Mothers’ Investments in Child Health in the U.S. and U.K.: A Comparative Lens on the Immigrant 'Paradox'
Research on the immigrant paradox healthier behaviors and outcomes among more socioeconomically disadvantaged immigrants is mostly limited to the U.S. Hispanic population and to the study of birth outcomes. Using data from the Fragile Families Study and the Millennium Cohort Study, we expand our understanding of this phenomenon in several ways. First, we examine whether the healthier behaviors of Hispanic immigrant mothers extend to other foreign-born groups, including non-Hispanic immigrant mothers in the U.S. and white, South Asian, black African and Caribbean, and other (largely East Asian) immigrants in the U.K, including higher SES groups. Second, we consider not only the size of the paradox at the time of the child's birth, but also the degree of its persistence into early childhood. Third, we examine whether nativity disparities are weaker in the U.K., where a much stronger welfare state makes health information and care more readily accessible. Finally, we examine whether differences in mothers’ instrumental and social support both inside and out of the home can explain healthier behaviors among the foreign-born. The results suggest that healthier behaviors among immigrants are not limited to Hispanics or to low SES groups; that nativity differences are fairly persistent over time; that the immigrant advantage is equally strong in both countries; and that the composition and strength of mothers’ support plays a trivial explanatory role in both countries. These findings lead us to speculate that what underlies nativity differences in mothers’ health behaviors may be a strong parenting investment on the part of immigrants.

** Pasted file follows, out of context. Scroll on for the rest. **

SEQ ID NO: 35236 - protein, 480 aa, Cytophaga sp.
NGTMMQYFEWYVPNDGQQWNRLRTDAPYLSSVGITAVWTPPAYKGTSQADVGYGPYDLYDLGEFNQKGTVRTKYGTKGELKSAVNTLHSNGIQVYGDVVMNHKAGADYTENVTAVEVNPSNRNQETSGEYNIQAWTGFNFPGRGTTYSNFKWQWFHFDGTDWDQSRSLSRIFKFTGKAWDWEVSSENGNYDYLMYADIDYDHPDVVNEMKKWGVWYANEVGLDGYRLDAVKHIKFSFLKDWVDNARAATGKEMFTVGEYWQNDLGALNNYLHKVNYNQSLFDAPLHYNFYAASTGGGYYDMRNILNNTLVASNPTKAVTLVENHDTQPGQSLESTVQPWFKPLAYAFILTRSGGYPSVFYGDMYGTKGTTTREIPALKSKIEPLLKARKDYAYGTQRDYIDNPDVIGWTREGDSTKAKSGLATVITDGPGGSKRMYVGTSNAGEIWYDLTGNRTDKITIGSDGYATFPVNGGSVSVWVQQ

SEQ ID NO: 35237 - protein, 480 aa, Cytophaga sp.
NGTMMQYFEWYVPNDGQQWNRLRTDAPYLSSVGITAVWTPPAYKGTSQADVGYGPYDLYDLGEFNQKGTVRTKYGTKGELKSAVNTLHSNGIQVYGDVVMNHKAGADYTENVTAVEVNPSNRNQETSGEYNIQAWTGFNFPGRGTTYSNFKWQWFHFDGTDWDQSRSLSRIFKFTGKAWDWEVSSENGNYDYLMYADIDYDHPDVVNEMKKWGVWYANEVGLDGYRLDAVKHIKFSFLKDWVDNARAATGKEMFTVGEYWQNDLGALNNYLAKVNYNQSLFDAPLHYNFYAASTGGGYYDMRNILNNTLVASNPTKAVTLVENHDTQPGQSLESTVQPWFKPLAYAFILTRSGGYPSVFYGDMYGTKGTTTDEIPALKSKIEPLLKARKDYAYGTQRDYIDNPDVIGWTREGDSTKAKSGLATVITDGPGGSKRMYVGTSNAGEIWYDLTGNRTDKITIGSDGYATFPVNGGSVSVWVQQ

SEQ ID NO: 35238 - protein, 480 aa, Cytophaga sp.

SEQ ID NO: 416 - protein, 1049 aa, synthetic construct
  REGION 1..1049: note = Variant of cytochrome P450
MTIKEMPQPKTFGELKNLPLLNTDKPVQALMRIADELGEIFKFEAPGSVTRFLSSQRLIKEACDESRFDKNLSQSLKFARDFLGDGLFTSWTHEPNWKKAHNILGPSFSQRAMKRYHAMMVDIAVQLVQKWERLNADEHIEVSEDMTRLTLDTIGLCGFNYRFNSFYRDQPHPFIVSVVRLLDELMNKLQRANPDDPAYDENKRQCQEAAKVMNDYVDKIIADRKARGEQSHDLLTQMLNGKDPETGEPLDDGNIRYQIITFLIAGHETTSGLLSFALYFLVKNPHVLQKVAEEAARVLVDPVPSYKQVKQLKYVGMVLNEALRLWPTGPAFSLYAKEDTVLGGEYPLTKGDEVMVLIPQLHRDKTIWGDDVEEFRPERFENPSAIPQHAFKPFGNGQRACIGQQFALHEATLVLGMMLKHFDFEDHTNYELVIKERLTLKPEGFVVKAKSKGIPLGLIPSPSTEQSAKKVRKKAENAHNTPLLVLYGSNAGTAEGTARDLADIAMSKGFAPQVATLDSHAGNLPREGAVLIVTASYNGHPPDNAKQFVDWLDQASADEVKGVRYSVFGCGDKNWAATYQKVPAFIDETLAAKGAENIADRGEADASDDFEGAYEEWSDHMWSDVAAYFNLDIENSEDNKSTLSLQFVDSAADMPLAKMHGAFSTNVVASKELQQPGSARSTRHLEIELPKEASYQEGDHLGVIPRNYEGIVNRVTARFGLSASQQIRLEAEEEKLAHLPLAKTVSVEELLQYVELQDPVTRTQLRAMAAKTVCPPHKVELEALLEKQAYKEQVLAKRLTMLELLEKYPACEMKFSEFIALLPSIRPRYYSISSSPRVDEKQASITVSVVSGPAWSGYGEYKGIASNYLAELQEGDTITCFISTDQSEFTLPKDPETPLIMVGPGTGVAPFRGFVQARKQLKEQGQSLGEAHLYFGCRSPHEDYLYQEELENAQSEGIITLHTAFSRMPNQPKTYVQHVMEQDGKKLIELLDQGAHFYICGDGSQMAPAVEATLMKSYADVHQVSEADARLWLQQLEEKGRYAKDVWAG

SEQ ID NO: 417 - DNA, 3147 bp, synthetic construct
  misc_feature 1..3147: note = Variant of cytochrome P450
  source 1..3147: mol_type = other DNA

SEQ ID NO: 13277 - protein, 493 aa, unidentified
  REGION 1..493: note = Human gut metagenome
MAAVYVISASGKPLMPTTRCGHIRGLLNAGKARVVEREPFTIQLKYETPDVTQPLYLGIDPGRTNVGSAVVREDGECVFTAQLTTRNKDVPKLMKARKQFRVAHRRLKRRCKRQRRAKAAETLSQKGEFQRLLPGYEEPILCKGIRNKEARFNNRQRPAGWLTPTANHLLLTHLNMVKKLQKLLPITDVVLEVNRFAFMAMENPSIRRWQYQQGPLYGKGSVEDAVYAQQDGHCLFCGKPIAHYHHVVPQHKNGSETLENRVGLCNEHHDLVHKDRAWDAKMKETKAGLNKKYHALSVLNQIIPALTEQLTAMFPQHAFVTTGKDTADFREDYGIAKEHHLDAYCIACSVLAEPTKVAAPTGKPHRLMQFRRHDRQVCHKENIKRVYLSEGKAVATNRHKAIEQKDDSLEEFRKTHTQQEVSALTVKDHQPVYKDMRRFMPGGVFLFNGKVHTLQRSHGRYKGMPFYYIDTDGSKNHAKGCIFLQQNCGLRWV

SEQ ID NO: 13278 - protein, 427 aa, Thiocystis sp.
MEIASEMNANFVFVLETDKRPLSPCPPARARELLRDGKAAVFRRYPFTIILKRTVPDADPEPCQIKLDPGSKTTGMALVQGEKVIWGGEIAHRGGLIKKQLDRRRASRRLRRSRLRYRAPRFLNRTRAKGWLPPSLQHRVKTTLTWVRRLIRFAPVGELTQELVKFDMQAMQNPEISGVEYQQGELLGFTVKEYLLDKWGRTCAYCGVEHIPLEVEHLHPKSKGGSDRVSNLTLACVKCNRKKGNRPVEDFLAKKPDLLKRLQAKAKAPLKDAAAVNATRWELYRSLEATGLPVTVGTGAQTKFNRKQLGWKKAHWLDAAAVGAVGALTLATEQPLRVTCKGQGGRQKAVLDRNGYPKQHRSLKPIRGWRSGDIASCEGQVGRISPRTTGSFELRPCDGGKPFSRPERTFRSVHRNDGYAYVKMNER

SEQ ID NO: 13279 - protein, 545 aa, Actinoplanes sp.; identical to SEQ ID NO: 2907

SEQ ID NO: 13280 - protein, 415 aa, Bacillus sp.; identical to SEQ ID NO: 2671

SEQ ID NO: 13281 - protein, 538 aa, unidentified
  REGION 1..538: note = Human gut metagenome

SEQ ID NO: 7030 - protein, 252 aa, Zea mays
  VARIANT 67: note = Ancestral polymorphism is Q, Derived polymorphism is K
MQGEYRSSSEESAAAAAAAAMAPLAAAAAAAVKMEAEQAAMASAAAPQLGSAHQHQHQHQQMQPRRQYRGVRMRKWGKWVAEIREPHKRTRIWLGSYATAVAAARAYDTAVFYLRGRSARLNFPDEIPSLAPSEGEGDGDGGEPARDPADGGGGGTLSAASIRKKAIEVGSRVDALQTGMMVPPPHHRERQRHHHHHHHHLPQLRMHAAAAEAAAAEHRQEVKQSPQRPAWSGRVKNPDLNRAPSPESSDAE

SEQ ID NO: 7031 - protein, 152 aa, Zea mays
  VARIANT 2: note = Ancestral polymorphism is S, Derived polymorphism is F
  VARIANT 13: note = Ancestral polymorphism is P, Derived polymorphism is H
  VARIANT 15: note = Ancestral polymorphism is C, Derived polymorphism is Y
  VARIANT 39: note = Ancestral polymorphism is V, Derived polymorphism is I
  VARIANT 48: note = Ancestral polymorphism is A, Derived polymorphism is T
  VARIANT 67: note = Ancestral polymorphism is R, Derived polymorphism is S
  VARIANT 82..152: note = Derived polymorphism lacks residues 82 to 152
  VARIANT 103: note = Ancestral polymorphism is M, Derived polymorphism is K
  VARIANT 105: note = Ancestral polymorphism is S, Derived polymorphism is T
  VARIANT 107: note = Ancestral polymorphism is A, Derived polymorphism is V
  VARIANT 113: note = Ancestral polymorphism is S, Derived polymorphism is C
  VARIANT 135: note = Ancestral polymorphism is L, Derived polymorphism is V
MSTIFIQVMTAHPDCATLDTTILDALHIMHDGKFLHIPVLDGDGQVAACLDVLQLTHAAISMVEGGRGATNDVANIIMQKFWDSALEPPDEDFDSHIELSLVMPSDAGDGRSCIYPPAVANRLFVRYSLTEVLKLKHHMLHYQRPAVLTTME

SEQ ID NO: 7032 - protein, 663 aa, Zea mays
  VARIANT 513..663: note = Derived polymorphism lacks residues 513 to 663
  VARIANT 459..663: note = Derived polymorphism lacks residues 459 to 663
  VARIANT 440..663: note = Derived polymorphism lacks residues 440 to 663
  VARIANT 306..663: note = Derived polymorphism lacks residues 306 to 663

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- Alberto Palloni, 2006. "Reproducing inequalities: Luck, wallets, and the enduring effects of childhood health," Demography, Springer, vol. 43(4), pages 587-615, November.
- Chiswick, Barry R, 1978. "The Effect of Americanization on the Earnings of Foreign-born Men," Journal of Political Economy, University of Chicago Press, vol. 86(5), pages 897-921, October.
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